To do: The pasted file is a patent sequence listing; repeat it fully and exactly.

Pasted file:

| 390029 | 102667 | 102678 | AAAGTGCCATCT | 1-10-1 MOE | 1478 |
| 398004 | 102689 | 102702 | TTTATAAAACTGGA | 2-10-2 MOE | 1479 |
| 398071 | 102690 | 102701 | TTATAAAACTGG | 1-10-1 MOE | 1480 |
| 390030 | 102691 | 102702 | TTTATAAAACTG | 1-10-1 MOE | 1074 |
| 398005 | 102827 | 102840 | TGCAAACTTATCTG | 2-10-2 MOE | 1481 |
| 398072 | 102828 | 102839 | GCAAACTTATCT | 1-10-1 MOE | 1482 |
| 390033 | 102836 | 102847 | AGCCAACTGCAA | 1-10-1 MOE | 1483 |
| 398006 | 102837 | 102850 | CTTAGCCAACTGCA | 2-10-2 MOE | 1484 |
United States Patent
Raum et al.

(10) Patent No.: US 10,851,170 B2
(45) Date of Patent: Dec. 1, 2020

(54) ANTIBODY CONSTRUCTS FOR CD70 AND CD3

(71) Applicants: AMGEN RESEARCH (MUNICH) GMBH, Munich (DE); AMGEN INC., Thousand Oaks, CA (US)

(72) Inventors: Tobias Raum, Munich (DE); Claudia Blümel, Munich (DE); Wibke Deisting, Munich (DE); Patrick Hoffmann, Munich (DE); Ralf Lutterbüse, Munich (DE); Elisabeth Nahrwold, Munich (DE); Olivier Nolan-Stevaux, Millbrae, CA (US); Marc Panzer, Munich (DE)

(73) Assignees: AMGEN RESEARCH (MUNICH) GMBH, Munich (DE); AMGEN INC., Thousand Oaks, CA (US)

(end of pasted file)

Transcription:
| 390029 | 102667 | 102678 | AAAGTGCCATCT | 1-10-1 MOE | 1478 |
| 398004 | 102689 | 102702 | TTTATAAAACTGGA | 2-10-2 MOE | 1479 |
| 398071 | 102690 | 102701 | TTATAAAACTGG | 1-10-1 MOE | 1480 |
| 390030 | 102691 | 102702 | TTTATAAAACTG | 1-10-1 MOE | 1074 |
| 398005 | 102827 | 102840 | TGCAAACTTATCTG | 2-10-2 MOE | 1481 |
| 398072 | 102828 | 102839 | GCAAACTTATCT | 1-10-1 MOE | 1482 |
| 390033 | 102836 | 102847 | AGCCAACTGCAA | 1-10-1 MOE | 1483 |
| 398006 | 102837 | 102850 | CTTAGCCAACTGCA | 2-10-2 MOE | 1484 |
United States Patent
Raum et al.

(10) Patent No.: US 10,851,170 B2
(45) Date of Patent: Dec. 1, 2020

(54) ANTIBODY CONSTRUCTS FOR CD70 AND CD3

(71) Applicants: AMGEN RESEARCH (MUNICH) GMBH, Munich (DE); AMGEN INC., Thousand Oaks, CA (US)

(72) Inventors: Tobias Raum, Munich (DE); Claudia Blümel, Munich (DE); Wibke Deisting, Munich (DE); Patrick Hoffmann, Munich (DE); Ralf Lutterbüse, Munich (DE); Elisabeth Nahrwold, Munich (DE); Olivier Nolan-Stevaux, Millbrae, CA (US); Marc Panzer, Munich (DE)

(73) Assignees: AMGEN RESEARCH (MUNICH) GMBH, Munich (DE); AMGEN INC., Thousand Oaks, CA (US)